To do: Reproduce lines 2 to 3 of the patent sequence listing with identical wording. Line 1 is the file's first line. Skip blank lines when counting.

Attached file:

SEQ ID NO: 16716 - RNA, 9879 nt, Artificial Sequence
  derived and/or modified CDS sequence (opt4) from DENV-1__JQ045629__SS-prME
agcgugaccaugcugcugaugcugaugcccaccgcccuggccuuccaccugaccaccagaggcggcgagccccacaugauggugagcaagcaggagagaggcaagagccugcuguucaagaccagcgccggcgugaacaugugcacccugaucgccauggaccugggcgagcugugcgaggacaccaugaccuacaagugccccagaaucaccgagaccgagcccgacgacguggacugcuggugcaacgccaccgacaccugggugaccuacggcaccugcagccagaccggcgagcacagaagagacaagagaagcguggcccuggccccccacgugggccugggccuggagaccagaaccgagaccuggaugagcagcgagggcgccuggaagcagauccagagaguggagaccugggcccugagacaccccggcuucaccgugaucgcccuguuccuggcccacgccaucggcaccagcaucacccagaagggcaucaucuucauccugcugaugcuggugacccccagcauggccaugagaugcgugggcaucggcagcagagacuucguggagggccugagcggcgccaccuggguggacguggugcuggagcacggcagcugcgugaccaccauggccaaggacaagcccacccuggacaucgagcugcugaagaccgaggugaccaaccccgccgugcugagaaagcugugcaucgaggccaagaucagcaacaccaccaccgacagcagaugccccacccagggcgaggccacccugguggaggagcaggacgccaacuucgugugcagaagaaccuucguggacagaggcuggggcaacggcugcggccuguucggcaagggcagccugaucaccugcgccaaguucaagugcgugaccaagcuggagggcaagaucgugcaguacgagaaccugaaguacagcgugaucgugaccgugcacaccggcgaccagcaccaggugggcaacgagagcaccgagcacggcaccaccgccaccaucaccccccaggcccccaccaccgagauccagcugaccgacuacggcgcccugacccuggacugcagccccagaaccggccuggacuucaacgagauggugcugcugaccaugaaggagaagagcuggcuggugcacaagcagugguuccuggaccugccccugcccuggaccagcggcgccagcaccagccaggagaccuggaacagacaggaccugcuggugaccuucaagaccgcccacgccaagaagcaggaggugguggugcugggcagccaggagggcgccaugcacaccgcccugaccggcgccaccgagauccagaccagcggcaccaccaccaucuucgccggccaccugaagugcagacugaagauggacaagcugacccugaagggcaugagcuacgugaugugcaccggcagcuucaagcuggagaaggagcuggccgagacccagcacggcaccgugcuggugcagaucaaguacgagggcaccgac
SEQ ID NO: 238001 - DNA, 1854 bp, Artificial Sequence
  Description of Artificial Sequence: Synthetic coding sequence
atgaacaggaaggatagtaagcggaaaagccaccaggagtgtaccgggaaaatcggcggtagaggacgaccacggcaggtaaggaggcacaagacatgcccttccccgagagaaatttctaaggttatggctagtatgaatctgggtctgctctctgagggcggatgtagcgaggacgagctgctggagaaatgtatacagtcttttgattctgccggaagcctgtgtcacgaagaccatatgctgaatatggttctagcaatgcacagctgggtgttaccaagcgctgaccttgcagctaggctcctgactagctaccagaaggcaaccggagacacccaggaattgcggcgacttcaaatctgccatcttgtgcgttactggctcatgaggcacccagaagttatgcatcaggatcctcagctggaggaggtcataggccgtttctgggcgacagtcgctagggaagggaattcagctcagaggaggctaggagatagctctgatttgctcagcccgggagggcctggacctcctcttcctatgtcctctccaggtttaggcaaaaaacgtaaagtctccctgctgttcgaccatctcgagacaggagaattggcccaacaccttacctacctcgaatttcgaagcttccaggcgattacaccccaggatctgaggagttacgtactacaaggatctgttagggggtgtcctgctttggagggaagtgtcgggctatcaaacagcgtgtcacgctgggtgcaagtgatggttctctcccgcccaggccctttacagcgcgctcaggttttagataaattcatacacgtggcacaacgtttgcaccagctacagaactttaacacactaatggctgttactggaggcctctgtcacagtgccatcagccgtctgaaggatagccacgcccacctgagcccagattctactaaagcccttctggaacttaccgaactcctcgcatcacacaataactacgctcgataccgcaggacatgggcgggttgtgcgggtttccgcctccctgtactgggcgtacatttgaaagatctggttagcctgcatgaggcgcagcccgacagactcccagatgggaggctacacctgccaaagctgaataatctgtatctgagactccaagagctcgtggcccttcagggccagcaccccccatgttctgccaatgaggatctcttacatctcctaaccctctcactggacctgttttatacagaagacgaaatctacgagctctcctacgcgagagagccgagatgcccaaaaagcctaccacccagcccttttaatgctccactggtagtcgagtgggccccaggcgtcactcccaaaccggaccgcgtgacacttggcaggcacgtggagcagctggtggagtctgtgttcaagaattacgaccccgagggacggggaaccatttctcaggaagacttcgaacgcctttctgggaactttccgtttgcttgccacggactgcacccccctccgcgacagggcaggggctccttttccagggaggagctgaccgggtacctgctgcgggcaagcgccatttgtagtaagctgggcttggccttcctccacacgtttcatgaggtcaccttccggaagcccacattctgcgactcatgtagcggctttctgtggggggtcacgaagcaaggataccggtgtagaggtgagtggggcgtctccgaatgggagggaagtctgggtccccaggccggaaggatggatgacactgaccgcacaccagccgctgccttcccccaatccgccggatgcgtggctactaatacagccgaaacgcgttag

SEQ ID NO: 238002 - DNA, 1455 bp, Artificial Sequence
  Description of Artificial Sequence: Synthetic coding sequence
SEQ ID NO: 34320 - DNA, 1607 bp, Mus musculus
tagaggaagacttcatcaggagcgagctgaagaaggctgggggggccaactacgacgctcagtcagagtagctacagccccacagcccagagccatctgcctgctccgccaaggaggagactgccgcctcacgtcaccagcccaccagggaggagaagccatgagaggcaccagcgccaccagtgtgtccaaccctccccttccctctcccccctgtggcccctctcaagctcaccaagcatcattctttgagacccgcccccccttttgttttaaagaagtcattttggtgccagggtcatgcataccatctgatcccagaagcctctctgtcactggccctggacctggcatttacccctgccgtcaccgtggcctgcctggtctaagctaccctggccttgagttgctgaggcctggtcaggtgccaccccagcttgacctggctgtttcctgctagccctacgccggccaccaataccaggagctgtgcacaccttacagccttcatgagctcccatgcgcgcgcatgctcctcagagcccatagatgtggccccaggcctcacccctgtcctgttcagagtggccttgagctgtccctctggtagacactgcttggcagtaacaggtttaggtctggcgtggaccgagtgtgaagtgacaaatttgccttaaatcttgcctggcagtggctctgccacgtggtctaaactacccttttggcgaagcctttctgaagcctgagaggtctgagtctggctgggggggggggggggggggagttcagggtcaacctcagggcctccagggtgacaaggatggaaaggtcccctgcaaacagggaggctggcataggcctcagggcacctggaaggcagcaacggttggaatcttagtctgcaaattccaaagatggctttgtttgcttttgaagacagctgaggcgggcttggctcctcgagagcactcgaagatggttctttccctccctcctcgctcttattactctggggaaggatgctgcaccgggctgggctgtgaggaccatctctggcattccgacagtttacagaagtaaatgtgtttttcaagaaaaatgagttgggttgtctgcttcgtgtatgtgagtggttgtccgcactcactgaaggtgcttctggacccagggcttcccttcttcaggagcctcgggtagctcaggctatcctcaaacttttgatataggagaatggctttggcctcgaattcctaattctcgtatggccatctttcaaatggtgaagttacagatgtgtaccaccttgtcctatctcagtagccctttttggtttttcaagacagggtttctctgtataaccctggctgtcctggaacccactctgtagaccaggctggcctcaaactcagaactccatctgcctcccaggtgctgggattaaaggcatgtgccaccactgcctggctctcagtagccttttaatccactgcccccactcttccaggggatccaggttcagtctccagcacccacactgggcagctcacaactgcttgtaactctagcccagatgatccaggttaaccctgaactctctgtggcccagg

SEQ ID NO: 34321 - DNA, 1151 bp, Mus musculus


  derived and/or modified CDS sequence (opt4) from DENV-1__JQ045629__SS-prME
agcgugaccaugcugcugaugcugaugcccaccgcccuggccuuccaccugaccaccagaggcggcgagccccacaugauggugagcaagcaggagagaggcaagagccugcuguucaagaccagcgccggcgugaacaugugcacccugaucgccauggaccugggcgagcugugcgaggacaccaugaccuacaagugccccagaaucaccgagaccgagcccgacgacguggacugcuggugcaacgccaccgacaccugggugaccuacggcaccugcagccagaccggcgagcacagaagagacaagagaagcguggcccuggccccccacgugggccugggccuggagaccagaaccgagaccuggaugagcagcgagggcgccuggaagcagauccagagaguggagaccugggcccugagacaccccggcuucaccgugaucgcccuguuccuggcccacgccaucggcaccagcaucacccagaagggcaucaucuucauccugcugaugcuggugacccccagcauggccaugagaugcgugggcaucggcagcagagacuucguggagggccugagcggcgccaccuggguggacguggugcuggagcacggcagcugcgugaccaccauggccaaggacaagcccacccuggacaucgagcugcugaagaccgaggugaccaaccccgccgugcugagaaagcugugcaucgaggccaagaucagcaacaccaccaccgacagcagaugccccacccagggcgaggccacccugguggaggagcaggacgccaacuucgugugcagaagaaccuucguggacagaggcuggggcaacggcugcggccuguucggcaagggcagccugaucaccugcgccaaguucaagugcgugaccaagcuggagggcaagaucgugcaguacgagaaccugaaguacagcgugaucgugaccgugcacaccggcgaccagcaccaggugggcaacgagagcaccgagcacggcaccaccgccaccaucaccccccaggcccccaccaccgagauccagcugaccgacuacggcgcccugacccuggacugcagccccagaaccggccuggacuucaacgagauggugcugcugaccaugaaggagaagagcuggcuggugcacaagcagugguuccuggaccugccccugcccuggaccagcggcgccagcaccagccaggagaccuggaacagacaggaccugcuggugaccuucaagaccgcccacgccaagaagcaggaggugguggugcugggcagccaggagggcgccaugcacaccgcccugaccggcgccaccgagauccagaccagcggcaccaccaccaucuucgccggccaccugaagugcagacugaagauggacaagcugacccugaagggcaugagcuacgugaugugcaccggcagcuucaagcuggagaaggagcuggccgagacccagcacggcaccgugcuggugcagaucaaguacgagggcaccgac